By Clare Munro, Tax Partner
As we head into the final couple of months of the tax year there's still time to fine tune your remuneration structure for the best possible tax result.
The changes to the taxation of dividends which took effect in April 2016 have left many small company shareholders significantly worse off. Many smaller company proprietors arranged their affairs in the past so that their salary used up most of the personal allowance and the dividend up to the higher tax rate threshold was covered by the tax credit which came with the dividend. The result was over £40k without income tax or national insurance costs.
So what to do, now that dividend is received gross and even basic rate taxpayers will pay tax at 7.5% on dividends over the tax free dividend allowance of £5,000? If you’re thinking of taking a dividend before the end of the tax year should you take a bonus instead?
There is no hard and fast rule but in general:
- The first thing is to maximise use of the £5,000 allowance wherever possible. All taxpayers are eligible for it, whatever their income position, so, unless owners have dividend income from elsewhere or the company has insufficient reserves to pay, owner managers should ensure that the company declares dividends to at least this level.
- The allowance is more valuable the higher your marginal tax rate, so those paying 45% income tax should definitely aim to take £5,000 in dividends.
- For a company whose shares are owned between a married or civil partner couple, two dividend allowances are available and, for those able to split company ownership between the wider family, perhaps taking in the next generation, multiple allowances may be available.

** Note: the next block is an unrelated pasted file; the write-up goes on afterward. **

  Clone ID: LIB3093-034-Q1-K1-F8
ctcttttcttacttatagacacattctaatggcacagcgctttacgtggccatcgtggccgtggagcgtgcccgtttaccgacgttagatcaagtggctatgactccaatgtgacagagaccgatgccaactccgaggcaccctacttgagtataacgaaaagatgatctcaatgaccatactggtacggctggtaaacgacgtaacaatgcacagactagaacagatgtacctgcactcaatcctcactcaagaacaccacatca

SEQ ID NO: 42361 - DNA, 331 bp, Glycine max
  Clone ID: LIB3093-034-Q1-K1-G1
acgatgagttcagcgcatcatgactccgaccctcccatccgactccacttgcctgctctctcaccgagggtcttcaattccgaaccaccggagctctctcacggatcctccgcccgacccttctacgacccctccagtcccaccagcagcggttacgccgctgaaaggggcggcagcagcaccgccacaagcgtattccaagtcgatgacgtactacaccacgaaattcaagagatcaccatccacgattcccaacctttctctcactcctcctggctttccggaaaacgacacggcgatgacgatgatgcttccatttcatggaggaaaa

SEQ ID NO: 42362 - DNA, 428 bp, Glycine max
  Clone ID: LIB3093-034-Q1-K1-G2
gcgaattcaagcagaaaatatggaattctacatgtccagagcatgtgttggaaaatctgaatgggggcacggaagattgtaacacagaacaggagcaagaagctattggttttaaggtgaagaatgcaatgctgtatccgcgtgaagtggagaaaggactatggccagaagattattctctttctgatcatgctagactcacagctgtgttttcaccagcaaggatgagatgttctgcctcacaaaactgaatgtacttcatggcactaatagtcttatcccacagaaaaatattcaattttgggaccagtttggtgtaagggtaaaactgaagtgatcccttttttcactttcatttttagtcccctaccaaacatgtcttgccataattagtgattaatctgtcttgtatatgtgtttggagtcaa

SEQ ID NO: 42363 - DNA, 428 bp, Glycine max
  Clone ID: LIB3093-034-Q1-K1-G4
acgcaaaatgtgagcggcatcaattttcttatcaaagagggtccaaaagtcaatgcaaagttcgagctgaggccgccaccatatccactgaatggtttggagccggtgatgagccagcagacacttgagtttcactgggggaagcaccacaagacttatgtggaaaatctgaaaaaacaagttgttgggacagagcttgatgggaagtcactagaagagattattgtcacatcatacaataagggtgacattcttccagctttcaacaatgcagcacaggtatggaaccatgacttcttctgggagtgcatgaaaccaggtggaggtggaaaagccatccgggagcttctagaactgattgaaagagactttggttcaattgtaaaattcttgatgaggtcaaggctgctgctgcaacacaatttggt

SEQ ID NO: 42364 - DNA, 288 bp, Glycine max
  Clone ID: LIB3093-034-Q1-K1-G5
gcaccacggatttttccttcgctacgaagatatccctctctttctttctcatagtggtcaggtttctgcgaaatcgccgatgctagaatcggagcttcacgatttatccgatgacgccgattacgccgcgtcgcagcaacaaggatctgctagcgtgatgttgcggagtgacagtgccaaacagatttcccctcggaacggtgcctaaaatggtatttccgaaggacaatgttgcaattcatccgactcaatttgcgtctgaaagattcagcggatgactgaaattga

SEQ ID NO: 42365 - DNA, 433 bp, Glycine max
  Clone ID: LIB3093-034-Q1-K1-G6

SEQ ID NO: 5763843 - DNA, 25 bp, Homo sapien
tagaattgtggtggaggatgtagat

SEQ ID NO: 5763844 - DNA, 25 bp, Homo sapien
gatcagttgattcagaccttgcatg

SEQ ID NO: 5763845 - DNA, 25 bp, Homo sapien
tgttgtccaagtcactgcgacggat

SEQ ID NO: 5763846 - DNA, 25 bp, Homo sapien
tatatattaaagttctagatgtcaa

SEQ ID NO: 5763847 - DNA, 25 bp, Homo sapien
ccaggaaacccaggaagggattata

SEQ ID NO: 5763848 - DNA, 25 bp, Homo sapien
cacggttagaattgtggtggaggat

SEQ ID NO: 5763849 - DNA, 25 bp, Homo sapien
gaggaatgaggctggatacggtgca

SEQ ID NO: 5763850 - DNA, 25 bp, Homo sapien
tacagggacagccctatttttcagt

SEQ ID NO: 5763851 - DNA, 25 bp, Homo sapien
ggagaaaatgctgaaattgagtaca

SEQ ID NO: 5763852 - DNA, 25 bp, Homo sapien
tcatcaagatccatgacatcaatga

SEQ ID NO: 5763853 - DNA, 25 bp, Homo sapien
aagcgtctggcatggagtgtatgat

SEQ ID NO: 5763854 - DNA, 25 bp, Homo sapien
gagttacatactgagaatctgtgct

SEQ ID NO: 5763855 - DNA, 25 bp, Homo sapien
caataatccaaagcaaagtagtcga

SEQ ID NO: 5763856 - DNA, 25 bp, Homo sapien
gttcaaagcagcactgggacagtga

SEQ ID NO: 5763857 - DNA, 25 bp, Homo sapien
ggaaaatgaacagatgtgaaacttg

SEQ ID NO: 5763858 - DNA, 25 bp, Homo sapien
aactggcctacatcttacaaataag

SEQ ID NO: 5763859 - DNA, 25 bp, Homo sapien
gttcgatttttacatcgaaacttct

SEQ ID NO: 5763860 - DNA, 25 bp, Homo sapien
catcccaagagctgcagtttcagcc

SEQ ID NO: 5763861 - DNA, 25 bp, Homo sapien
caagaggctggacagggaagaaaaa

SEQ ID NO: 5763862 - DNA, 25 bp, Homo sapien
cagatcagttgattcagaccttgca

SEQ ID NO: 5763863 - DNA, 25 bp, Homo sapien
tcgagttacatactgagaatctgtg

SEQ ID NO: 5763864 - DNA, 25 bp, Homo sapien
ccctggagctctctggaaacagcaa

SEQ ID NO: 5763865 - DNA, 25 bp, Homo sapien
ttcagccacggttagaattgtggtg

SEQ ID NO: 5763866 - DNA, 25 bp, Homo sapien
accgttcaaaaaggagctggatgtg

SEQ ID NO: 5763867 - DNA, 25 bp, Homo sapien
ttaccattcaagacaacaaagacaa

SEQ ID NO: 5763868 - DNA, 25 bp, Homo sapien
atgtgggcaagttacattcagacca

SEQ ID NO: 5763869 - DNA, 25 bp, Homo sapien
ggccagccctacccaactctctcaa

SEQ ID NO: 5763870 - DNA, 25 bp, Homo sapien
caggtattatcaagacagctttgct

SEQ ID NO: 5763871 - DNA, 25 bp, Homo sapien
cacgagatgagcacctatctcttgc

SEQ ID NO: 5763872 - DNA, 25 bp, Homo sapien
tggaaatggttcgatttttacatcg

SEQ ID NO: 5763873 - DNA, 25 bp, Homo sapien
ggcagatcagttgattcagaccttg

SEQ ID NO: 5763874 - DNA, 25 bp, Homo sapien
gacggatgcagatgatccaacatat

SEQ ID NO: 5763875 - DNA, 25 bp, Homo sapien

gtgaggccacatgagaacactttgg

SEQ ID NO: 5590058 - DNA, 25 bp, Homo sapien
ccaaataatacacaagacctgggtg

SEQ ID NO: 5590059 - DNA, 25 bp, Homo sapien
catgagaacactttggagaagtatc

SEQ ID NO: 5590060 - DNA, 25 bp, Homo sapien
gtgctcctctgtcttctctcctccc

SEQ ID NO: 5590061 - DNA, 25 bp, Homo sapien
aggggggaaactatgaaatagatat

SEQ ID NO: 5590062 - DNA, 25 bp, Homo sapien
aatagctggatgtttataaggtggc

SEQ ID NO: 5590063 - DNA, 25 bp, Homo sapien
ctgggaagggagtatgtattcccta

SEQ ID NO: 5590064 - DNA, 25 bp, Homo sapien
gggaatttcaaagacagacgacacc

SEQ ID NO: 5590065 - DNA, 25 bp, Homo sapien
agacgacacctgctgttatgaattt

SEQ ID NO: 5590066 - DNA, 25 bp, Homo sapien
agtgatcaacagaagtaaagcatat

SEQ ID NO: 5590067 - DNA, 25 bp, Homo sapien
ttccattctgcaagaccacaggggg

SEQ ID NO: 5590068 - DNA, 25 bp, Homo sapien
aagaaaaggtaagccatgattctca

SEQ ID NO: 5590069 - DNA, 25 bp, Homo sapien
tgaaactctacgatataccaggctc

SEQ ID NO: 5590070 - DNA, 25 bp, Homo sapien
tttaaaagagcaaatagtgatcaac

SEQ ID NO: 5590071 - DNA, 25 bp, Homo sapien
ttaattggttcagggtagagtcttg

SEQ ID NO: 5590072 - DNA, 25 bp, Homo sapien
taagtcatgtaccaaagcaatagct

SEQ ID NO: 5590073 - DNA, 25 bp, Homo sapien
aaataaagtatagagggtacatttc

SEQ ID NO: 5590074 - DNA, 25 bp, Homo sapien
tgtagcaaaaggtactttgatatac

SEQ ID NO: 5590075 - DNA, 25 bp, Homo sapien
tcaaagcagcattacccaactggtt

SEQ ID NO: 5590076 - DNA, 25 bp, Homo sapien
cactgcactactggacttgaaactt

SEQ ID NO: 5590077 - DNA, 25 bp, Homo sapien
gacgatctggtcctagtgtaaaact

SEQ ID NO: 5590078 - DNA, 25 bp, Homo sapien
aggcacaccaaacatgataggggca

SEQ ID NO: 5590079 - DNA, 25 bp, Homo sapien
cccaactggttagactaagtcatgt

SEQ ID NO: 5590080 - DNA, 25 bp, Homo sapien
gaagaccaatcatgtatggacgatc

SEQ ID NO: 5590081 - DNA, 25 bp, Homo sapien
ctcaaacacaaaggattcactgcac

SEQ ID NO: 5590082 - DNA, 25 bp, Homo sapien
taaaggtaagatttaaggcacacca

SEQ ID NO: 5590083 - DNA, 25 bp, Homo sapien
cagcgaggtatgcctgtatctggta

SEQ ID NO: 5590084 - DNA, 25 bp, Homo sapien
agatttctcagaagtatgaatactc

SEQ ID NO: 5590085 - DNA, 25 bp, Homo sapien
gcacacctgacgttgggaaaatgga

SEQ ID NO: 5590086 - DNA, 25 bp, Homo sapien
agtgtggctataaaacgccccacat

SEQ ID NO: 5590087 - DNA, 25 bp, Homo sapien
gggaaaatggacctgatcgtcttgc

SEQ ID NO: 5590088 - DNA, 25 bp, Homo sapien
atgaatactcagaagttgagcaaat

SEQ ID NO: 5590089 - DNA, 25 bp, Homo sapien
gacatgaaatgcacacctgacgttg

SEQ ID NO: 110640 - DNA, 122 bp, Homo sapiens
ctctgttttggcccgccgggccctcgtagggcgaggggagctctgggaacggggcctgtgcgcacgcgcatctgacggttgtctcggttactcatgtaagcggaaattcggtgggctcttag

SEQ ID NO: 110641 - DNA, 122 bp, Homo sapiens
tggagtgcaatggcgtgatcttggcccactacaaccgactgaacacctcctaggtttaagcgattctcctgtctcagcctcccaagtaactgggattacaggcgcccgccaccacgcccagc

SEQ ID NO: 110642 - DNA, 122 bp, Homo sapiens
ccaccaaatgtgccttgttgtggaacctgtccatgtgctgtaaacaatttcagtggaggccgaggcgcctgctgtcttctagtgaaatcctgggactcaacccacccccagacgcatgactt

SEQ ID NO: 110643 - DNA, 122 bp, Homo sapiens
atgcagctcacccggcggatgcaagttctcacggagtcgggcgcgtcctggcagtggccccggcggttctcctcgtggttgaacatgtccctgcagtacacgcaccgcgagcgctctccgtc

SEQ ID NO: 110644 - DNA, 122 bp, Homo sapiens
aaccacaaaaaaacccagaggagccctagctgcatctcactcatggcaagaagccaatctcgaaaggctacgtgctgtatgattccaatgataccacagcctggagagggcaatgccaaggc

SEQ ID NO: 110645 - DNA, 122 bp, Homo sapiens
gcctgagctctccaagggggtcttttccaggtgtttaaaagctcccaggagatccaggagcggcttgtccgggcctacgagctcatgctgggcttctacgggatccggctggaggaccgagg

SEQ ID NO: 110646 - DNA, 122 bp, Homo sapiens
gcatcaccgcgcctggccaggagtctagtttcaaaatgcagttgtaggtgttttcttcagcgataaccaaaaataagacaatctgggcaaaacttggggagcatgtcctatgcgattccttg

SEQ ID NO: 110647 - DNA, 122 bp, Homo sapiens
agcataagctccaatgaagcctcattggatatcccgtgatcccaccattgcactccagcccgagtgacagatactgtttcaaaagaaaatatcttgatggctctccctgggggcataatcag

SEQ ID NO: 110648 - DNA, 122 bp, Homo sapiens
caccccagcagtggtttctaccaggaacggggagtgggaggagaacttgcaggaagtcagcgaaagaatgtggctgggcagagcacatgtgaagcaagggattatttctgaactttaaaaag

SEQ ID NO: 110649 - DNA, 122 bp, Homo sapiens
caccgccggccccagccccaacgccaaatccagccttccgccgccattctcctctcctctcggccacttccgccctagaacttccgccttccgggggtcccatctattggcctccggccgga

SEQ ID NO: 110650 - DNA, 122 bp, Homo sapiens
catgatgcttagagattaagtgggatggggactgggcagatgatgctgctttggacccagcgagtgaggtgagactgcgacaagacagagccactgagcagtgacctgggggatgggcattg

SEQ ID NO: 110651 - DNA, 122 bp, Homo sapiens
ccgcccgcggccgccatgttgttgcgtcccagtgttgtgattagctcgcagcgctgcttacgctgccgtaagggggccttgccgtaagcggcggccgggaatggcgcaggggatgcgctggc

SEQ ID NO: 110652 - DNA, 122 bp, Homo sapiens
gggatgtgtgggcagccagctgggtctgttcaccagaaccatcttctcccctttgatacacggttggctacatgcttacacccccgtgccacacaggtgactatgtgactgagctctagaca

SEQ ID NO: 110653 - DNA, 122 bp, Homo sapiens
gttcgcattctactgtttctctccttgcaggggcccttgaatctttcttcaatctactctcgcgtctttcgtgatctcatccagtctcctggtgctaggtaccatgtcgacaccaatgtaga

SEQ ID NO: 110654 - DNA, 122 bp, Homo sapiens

- It could be worth creating another class of shares for family shareholders to spread the dividend income but it needs some careful thought and planning.
- Once the dividend allowance has been used up, basic rate taxpayers will generally be better off overall by taking a dividend rather than salaries or bonuses. However the gap narrows for higher earners so that there is now little to choose between dividends and salaries
Overall, small company owners will have to balance dividends vs bonuses and do their sums. In favour of dividends, there is no National Insurance Contribution to pay, either by the employee or employer; the tax free dividend allowance will bring down the effective rate and the 7.5% tax rate beats even the basic income tax rate. On the other hand dividends are paid out of the company’s post tax income, whereas the company gets a tax deduction for salaries.
Much will depend on the income profile of each individual and so there’s no substitute for running the numbers. If you could use a bit of help with your profit extraction strategy in the run up to the tax year end please contact....
If you would like to discuss any of the points raised above please contact our tax partner, Clare Munro email@example.com.